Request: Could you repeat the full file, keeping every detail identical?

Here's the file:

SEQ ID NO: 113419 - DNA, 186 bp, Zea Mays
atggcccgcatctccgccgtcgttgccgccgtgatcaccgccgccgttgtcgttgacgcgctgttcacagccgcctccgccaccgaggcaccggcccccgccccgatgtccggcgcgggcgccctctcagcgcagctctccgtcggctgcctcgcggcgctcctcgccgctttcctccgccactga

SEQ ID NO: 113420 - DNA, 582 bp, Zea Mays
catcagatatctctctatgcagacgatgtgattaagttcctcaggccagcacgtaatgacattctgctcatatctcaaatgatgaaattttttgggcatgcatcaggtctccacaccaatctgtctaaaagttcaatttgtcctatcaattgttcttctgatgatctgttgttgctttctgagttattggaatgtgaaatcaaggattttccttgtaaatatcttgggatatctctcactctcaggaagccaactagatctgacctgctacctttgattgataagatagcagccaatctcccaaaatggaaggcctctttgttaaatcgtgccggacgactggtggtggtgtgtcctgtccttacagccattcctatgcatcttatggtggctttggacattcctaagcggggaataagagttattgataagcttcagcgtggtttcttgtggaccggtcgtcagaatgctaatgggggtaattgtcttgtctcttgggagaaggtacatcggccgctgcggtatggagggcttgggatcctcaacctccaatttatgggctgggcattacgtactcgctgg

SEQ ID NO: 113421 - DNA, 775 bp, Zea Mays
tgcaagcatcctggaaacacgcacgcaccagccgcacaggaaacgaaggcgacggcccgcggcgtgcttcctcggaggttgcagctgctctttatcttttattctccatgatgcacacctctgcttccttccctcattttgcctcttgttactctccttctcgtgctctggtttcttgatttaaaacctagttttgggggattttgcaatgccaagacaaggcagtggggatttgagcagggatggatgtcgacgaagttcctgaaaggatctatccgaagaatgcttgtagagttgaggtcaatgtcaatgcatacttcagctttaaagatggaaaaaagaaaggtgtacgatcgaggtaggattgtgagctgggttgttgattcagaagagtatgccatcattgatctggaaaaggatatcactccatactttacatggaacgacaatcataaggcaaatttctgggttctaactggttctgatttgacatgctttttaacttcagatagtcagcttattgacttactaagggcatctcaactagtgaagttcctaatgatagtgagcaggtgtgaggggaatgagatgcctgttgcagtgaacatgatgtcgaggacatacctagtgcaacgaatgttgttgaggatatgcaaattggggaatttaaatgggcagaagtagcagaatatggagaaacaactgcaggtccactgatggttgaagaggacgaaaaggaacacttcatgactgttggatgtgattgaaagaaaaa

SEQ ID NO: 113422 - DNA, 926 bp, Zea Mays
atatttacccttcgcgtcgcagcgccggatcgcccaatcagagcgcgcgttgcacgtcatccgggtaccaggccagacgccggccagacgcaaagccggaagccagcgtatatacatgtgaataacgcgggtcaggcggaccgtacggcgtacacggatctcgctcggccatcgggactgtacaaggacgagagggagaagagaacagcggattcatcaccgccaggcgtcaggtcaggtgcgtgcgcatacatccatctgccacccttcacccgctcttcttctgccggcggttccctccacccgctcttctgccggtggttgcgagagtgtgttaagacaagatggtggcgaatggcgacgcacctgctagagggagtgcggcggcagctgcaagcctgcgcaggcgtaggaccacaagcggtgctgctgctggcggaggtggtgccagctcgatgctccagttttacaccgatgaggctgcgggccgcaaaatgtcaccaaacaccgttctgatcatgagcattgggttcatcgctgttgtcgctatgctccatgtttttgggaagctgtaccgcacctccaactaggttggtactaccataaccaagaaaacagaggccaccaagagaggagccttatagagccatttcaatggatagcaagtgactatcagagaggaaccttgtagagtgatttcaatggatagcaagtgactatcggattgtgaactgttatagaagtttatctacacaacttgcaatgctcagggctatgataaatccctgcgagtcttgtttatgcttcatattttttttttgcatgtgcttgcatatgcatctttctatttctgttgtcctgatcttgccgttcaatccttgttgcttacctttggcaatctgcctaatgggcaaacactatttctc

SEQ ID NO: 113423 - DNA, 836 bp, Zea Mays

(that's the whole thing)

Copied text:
SEQ ID NO: 113419 - DNA, 186 bp, Zea Mays
atggcccgcatctccgccgtcgttgccgccgtgatcaccgccgccgttgtcgttgacgcgctgttcacagccgcctccgccaccgaggcaccggcccccgccccgatgtccggcgcgggcgccctctcagcgcagctctccgtcggctgcctcgcggcgctcctcgccgctttcctccgccactga

SEQ ID NO: 113420 - DNA, 582 bp, Zea Mays
catcagatatctctctatgcagacgatgtgattaagttcctcaggccagcacgtaatgacattctgctcatatctcaaatgatgaaattttttgggcatgcatcaggtctccacaccaatctgtctaaaagttcaatttgtcctatcaattgttcttctgatgatctgttgttgctttctgagttattggaatgtgaaatcaaggattttccttgtaaatatcttgggatatctctcactctcaggaagccaactagatctgacctgctacctttgattgataagatagcagccaatctcccaaaatggaaggcctctttgttaaatcgtgccggacgactggtggtggtgtgtcctgtccttacagccattcctatgcatcttatggtggctttggacattcctaagcggggaataagagttattgataagcttcagcgtggtttcttgtggaccggtcgtcagaatgctaatgggggtaattgtcttgtctcttgggagaaggtacatcggccgctgcggtatggagggcttgggatcctcaacctccaatttatgggctgggcattacgtactcgctgg

SEQ ID NO: 113421 - DNA, 775 bp, Zea Mays
tgcaagcatcctggaaacacgcacgcaccagccgcacaggaaacgaaggcgacggcccgcggcgtgcttcctcggaggttgcagctgctctttatcttttattctccatgatgcacacctctgcttccttccctcattttgcctcttgttactctccttctcgtgctctggtttcttgatttaaaacctagttttgggggattttgcaatgccaagacaaggcagtggggatttgagcagggatggatgtcgacgaagttcctgaaaggatctatccgaagaatgcttgtagagttgaggtcaatgtcaatgcatacttcagctttaaagatggaaaaaagaaaggtgtacgatcgaggtaggattgtgagctgggttgttgattcagaagagtatgccatcattgatctggaaaaggatatcactccatactttacatggaacgacaatcataaggcaaatttctgggttctaactggttctgatttgacatgctttttaacttcagatagtcagcttattgacttactaagggcatctcaactagtgaagttcctaatgatagtgagcaggtgtgaggggaatgagatgcctgttgcagtgaacatgatgtcgaggacatacctagtgcaacgaatgttgttgaggatatgcaaattggggaatttaaatgggcagaagtagcagaatatggagaaacaactgcaggtccactgatggttgaagaggacgaaaaggaacacttcatgactgttggatgtgattgaaagaaaaa

SEQ ID NO: 113422 - DNA, 926 bp, Zea Mays
atatttacccttcgcgtcgcagcgccggatcgcccaatcagagcgcgcgttgcacgtcatccgggtaccaggccagacgccggccagacgcaaagccggaagccagcgtatatacatgtgaataacgcgggtcaggcggaccgtacggcgtacacggatctcgctcggccatcgggactgtacaaggacgagagggagaagagaacagcggattcatcaccgccaggcgtcaggtcaggtgcgtgcgcatacatccatctgccacccttcacccgctcttcttctgccggcggttccctccacccgctcttctgccggtggttgcgagagtgtgttaagacaagatggtggcgaatggcgacgcacctgctagagggagtgcggcggcagctgcaagcctgcgcaggcgtaggaccacaagcggtgctgctgctggcggaggtggtgccagctcgatgctccagttttacaccgatgaggctgcgggccgcaaaatgtcaccaaacaccgttctgatcatgagcattgggttcatcgctgttgtcgctatgctccatgtttttgggaagctgtaccgcacctccaactaggttggtactaccataaccaagaaaacagaggccaccaagagaggagccttatagagccatttcaatggatagcaagtgactatcagagaggaaccttgtagagtgatttcaatggatagcaagtgactatcggattgtgaactgttatagaagtttatctacacaacttgcaatgctcagggctatgataaatccctgcgagtcttgtttatgcttcatattttttttttgcatgtgcttgcatatgcatctttctatttctgttgtcctgatcttgccgttcaatccttgttgcttacctttggcaatctgcctaatgggcaaacactatttctc

SEQ ID NO: 113423 - DNA, 836 bp, Zea Mays